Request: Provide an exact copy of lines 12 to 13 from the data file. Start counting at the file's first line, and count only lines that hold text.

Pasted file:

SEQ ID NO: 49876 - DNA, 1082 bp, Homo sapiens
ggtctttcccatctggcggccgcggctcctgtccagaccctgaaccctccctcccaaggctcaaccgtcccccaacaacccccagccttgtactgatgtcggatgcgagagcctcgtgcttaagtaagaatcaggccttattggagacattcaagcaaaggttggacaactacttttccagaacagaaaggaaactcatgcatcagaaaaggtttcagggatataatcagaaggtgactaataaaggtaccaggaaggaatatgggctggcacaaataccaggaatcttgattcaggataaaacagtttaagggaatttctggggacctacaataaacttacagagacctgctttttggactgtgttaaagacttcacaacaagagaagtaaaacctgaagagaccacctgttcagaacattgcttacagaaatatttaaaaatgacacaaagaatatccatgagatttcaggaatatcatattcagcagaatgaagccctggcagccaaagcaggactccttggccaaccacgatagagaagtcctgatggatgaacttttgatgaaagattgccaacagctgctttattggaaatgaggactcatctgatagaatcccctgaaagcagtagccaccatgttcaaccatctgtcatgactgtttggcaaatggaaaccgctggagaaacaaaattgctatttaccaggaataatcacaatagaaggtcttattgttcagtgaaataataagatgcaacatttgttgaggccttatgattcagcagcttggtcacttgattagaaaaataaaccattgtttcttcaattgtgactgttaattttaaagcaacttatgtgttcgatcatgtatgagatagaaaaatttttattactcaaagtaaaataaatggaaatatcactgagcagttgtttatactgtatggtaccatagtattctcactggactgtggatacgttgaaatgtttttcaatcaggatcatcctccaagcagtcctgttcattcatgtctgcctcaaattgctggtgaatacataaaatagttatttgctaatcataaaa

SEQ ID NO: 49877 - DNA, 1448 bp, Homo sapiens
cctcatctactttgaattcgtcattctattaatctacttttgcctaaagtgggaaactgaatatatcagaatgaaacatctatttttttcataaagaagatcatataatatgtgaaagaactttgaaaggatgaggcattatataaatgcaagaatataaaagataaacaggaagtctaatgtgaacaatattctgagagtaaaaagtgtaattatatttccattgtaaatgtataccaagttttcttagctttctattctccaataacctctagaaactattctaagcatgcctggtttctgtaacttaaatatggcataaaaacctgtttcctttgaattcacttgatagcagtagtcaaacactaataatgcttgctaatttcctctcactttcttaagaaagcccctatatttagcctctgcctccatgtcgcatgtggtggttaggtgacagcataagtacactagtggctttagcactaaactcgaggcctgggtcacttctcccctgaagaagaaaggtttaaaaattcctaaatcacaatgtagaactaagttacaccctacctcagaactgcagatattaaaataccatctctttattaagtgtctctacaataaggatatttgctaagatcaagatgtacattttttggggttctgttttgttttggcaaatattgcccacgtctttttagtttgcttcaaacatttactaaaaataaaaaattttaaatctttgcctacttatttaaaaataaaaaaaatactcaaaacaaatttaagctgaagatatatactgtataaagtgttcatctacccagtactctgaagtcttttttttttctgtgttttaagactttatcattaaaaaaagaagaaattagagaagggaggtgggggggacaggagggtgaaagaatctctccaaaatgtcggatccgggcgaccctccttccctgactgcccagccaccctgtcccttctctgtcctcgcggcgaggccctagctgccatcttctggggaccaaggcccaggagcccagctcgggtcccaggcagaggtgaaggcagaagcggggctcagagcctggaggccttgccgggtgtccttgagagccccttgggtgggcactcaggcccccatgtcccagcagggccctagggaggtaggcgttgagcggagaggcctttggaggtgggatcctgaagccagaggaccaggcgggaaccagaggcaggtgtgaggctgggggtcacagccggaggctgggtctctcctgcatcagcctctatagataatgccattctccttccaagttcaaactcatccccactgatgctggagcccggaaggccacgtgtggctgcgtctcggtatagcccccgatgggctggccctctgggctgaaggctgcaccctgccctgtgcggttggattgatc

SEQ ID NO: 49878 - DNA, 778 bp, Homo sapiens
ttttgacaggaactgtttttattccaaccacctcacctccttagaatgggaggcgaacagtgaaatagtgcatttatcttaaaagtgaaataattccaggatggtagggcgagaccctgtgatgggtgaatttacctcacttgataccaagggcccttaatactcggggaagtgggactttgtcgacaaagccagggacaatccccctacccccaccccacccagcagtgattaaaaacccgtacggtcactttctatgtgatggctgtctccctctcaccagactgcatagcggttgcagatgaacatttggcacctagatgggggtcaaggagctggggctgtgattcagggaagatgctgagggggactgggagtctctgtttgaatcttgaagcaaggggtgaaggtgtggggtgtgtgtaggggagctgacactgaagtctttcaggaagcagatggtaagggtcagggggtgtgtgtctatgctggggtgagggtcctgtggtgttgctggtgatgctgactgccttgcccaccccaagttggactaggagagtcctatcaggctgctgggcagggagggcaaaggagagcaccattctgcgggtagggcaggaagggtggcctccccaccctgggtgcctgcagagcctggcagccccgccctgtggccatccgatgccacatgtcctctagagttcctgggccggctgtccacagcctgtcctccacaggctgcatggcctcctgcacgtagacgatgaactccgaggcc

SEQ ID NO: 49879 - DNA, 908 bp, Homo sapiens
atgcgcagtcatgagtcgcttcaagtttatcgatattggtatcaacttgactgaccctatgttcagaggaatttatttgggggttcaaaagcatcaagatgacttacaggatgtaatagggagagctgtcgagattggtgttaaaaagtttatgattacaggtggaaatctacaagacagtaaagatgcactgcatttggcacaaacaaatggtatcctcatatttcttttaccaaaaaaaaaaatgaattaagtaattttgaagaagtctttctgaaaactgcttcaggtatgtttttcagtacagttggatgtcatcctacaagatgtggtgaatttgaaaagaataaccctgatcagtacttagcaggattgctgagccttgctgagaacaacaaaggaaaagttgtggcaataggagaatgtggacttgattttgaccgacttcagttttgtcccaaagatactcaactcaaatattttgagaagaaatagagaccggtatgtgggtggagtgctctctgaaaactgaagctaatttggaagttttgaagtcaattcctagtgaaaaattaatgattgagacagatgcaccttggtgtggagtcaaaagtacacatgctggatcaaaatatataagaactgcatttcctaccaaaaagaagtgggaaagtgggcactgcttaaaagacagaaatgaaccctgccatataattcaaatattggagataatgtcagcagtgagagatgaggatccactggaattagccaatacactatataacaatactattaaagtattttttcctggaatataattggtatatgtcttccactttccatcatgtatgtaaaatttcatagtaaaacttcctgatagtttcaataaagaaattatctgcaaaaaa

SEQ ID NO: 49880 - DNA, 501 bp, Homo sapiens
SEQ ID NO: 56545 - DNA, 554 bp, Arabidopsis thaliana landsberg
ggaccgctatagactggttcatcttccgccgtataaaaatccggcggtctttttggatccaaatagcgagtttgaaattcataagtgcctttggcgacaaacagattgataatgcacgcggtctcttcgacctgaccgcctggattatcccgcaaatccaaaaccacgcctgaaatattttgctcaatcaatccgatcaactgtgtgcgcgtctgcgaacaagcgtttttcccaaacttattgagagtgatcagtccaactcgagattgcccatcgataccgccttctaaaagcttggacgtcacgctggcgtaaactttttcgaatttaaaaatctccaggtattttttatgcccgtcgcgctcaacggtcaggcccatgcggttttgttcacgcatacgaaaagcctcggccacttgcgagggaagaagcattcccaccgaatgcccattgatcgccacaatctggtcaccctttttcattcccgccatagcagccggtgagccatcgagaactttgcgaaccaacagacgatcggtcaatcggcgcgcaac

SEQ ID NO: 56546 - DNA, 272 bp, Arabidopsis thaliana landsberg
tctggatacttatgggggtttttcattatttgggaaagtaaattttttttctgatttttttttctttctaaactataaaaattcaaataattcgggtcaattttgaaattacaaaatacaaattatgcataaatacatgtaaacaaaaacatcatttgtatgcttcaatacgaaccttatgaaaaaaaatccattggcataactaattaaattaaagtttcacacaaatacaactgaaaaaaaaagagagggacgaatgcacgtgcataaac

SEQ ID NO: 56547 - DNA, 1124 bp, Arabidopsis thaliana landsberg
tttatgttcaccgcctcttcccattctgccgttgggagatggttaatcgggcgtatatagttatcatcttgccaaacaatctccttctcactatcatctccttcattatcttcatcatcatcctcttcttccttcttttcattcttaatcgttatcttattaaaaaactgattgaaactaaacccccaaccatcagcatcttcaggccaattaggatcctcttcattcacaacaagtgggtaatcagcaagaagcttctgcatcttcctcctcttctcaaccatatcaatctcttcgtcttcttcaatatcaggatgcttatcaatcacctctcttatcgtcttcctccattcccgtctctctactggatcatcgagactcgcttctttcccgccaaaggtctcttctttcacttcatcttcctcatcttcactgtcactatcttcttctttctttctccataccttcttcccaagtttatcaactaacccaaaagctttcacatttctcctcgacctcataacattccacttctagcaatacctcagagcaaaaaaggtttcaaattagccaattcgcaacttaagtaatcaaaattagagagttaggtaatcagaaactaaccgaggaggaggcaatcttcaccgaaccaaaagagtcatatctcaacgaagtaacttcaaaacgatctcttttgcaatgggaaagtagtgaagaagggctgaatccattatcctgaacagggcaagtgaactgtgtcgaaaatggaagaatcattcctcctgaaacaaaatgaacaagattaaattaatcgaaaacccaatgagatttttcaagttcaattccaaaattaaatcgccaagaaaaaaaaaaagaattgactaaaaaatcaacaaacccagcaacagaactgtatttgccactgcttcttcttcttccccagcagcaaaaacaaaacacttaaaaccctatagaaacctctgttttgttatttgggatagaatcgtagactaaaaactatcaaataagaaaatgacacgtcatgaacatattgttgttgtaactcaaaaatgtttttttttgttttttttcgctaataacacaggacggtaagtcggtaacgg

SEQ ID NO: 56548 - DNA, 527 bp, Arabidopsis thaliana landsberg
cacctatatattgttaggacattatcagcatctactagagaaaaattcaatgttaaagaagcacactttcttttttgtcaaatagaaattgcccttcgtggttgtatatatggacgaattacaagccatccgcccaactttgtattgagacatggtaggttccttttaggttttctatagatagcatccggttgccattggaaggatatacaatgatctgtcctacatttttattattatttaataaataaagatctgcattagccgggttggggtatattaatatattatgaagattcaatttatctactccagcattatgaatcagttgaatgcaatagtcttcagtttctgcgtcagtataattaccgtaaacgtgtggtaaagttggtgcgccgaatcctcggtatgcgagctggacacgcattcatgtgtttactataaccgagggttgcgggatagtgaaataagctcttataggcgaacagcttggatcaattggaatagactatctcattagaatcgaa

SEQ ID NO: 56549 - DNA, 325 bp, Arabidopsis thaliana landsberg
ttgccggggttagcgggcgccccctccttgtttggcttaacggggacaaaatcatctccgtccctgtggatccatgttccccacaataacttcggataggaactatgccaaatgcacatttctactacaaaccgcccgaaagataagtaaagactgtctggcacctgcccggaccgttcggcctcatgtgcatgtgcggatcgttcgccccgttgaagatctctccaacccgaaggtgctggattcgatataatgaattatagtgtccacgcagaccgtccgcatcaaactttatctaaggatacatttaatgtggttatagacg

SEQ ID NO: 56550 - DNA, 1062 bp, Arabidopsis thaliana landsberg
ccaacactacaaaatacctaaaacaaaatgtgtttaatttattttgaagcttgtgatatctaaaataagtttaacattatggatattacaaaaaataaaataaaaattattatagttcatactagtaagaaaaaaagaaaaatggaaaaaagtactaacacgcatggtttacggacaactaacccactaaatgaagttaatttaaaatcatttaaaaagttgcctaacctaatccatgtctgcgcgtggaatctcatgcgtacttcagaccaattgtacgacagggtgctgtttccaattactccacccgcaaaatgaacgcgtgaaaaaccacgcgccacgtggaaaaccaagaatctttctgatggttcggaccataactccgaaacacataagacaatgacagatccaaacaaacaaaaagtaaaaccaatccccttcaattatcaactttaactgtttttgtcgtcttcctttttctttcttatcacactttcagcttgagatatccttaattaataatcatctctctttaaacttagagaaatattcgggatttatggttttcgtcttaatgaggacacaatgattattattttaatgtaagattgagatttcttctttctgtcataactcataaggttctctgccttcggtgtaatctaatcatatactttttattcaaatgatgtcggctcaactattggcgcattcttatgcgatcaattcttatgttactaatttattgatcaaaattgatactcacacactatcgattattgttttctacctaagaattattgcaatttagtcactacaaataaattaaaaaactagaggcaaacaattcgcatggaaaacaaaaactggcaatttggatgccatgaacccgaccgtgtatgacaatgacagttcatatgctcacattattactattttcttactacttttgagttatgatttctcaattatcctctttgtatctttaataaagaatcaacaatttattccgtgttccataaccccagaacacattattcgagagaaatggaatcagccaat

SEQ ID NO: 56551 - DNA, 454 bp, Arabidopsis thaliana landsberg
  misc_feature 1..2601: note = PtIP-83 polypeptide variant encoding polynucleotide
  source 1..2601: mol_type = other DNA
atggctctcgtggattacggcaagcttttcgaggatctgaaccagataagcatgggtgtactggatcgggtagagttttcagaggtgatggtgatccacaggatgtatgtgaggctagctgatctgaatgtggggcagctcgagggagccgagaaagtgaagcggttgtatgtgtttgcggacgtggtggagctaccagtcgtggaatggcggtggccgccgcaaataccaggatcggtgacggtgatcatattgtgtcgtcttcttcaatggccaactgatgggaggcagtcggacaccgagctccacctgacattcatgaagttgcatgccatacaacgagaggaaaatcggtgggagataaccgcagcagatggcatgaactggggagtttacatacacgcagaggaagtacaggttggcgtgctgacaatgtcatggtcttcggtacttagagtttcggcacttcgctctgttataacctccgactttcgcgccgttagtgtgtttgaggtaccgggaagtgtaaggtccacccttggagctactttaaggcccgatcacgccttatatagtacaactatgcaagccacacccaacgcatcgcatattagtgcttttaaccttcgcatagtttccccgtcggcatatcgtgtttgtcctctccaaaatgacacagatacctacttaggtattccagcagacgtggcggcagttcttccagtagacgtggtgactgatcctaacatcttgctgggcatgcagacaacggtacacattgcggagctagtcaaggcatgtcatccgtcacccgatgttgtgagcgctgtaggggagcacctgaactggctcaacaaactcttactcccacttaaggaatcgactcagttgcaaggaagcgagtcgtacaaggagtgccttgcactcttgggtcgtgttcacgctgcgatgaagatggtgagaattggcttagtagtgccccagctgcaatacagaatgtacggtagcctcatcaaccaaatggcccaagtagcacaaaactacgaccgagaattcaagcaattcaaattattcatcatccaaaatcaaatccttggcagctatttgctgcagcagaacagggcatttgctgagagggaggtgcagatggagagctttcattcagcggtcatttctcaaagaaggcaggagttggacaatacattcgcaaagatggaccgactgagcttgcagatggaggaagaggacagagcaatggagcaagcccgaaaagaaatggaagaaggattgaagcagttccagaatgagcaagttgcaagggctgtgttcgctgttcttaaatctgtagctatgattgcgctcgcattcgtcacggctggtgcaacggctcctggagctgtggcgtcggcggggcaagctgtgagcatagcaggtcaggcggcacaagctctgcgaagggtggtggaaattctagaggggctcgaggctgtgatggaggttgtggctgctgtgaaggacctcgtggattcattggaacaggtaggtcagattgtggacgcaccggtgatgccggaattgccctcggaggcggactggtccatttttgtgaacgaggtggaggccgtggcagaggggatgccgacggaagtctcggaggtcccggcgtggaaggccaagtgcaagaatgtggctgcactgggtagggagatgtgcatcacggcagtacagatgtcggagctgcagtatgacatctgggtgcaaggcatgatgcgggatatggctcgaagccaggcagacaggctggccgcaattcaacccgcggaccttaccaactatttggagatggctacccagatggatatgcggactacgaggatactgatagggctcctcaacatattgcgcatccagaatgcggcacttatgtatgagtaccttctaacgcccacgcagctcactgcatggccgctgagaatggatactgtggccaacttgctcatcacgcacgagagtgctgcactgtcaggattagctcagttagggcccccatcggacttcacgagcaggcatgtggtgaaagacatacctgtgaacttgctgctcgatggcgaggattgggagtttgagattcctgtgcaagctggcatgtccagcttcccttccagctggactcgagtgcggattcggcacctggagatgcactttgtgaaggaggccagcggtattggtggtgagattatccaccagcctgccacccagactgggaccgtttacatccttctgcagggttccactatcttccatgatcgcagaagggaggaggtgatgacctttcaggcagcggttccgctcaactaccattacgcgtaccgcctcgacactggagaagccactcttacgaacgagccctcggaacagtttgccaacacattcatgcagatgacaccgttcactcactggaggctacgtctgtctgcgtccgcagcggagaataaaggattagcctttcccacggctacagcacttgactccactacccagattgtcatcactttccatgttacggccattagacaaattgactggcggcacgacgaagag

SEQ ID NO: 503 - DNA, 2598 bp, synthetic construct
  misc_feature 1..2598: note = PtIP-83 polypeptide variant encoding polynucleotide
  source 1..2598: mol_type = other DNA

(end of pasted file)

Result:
SEQ ID NO: 56546 - DNA, 272 bp, Arabidopsis thaliana landsberg
tctggatacttatgggggtttttcattatttgggaaagtaaattttttttctgatttttttttctttctaaactataaaaattcaaataattcgggtcaattttgaaattacaaaatacaaattatgcataaatacatgtaaacaaaaacatcatttgtatgcttcaatacgaaccttatgaaaaaaaatccattggcataactaattaaattaaagtttcacacaaatacaactgaaaaaaaaagagagggacgaatgcacgtgcataaac